Soul Makossa Is The Most Sampled African Track Of All Time!

Sample Chief Soul Makossa Intro Africa

Manu Dibango's ‘Soul Makossa’ was one of the first songs by an African to gain global popularity.

Manu Dibango, Cameroonian saxophonist, songwriter, and pioneer of Afro-funk music, passed away on March 24th, from COVID-19. He was 86 years old, and died in Paris. His track Soul Makossa is the Most sampled African Track of all time!

When you’re a musician you don’t say to yourself when you get up in the morning, ‘I make African music.’ You say, ‘I want to make music.’ And that’s that.

Manu Dibango at the United Nations, 1991.

Over the span of his over 6 decades- long career, he released 44 albums and continued to influence many genres, including the 1950s rumba scene that formed the foundation for modern African music, forming the soundtrack to an optimistic era of newly independent African states.

His epic 1972 release “Soul Makossa,”  meaning “I will dance” in the native Cameroonian dialect of Douala in which it was written, was one of the first songs by an African to gain global popularity and was believed by some to be the first disco record.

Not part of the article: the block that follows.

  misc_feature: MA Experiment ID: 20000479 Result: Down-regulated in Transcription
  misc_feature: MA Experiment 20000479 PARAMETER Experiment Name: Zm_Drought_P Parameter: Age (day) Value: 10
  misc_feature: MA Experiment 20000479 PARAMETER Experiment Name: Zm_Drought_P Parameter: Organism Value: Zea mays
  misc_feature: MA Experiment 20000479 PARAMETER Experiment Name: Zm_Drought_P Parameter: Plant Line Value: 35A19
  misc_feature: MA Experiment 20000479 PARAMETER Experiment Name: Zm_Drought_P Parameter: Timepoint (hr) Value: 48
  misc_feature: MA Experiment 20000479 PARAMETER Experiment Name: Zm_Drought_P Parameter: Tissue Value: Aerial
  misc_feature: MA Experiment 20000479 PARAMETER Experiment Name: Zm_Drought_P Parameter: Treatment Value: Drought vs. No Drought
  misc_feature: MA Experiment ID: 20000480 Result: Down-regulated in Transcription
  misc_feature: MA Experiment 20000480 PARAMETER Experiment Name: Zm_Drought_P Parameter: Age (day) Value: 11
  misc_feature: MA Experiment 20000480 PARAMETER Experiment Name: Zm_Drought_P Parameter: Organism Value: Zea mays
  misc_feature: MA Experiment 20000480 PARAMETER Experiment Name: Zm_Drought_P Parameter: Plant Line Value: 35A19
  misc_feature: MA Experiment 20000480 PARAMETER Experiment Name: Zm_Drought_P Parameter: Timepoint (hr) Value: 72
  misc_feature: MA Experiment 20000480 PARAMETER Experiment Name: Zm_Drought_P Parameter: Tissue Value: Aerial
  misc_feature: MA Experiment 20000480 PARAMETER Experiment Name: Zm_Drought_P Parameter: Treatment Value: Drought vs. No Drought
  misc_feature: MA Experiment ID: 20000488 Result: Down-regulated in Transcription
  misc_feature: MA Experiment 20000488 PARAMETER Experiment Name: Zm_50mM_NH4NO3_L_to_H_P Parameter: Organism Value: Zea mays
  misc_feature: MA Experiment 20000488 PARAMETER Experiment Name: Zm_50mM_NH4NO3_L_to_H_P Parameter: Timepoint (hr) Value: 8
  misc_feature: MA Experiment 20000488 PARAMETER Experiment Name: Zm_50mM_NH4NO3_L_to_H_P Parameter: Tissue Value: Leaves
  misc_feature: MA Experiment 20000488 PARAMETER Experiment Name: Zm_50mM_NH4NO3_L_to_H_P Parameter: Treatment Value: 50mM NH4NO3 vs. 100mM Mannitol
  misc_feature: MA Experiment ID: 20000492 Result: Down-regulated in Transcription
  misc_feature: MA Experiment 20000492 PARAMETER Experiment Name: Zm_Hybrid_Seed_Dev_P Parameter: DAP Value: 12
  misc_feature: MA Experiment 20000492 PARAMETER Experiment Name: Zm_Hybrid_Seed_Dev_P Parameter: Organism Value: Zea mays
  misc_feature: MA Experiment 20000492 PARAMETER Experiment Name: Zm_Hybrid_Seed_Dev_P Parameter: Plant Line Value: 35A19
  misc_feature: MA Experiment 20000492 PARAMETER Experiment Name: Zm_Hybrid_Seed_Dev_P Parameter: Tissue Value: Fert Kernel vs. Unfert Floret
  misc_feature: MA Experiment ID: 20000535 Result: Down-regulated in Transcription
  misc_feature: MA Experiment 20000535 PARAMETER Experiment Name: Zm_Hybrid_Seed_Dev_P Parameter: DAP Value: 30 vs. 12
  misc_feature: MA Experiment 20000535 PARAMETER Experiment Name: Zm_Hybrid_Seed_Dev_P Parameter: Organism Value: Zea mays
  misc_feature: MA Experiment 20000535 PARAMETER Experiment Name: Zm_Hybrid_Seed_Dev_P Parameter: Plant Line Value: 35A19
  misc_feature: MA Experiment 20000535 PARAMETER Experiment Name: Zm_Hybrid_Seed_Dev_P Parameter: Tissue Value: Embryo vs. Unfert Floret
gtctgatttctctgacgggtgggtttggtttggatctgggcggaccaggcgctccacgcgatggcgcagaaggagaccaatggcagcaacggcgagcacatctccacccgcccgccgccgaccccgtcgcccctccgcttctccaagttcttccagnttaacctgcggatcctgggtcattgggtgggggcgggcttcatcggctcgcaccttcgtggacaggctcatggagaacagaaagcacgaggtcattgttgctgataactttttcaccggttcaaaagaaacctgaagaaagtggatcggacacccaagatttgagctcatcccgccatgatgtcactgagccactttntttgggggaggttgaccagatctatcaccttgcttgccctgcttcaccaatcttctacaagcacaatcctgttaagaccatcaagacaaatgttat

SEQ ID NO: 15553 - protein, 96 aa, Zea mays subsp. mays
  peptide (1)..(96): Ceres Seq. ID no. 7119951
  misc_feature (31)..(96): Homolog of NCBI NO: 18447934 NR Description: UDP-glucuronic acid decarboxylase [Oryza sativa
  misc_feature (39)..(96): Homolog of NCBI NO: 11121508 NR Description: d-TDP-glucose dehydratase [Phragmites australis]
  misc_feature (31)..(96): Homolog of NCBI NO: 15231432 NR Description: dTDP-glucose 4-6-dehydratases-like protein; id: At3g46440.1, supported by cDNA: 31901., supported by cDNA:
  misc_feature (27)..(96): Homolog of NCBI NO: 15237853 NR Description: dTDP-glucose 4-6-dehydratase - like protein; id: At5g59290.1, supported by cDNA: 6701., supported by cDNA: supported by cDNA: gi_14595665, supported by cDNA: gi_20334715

‘Pappy Grove’ as he was also known,  influenced innumerable artists including Herbie Hancock and Kool and the Gang, hip-hop in the 1990s, with the famous “ma-ma-se, ma-ma-sa, ma-ma-ko-sa”  refrain sampled for Michael Jackson’s “Wanna Be Startin’ Somethin’” for his 1982 Thriller album and Rihanna’s “Don’t Stop the Music” in 2007.

Hip-hop was not immune and Tribe Called Quest, Kanye West and Jay-Z coud not resist sampling  Soul Makossa and other Manu Dibango tracks.

Originally recorded as the B-side for a song celebrating Cameroon’s hosting of the Africa Cup of Nations and the national team’s accession to the quarterfinals, the lyrics were written by Cameroonian poet and musicologist S.M. Eno Belinga, followed in in 2011 with a second version of the song titled “Soul Makossa 2.0” was recorded in France by Manu Dibango and Wayne Beckford as the first single from Dibango’s album, Past Present Future. 

It quickly became popular, receiving lots of airplay from New York DJ’s  David Mancuso and Frankie Crocker, and filled dance floors across the globe, taking #35 spot on US Billboard Hot 100 chart in 1973, leading to even more cover versions globally the ,ost sampled African Track.

Manu Dibango not only irrevocably and undeniably contributed to the development of modern music and in bringing African and Cameroonian music to the world’s attention, he also saw music as a force for social change and promoted humanitarian causes throughout Africa. His powerful merging of cultures through music is testament to his dedication to his art and his legacy lives on in his music which continues to be played and to inspire.

Film produced by Sample Chief

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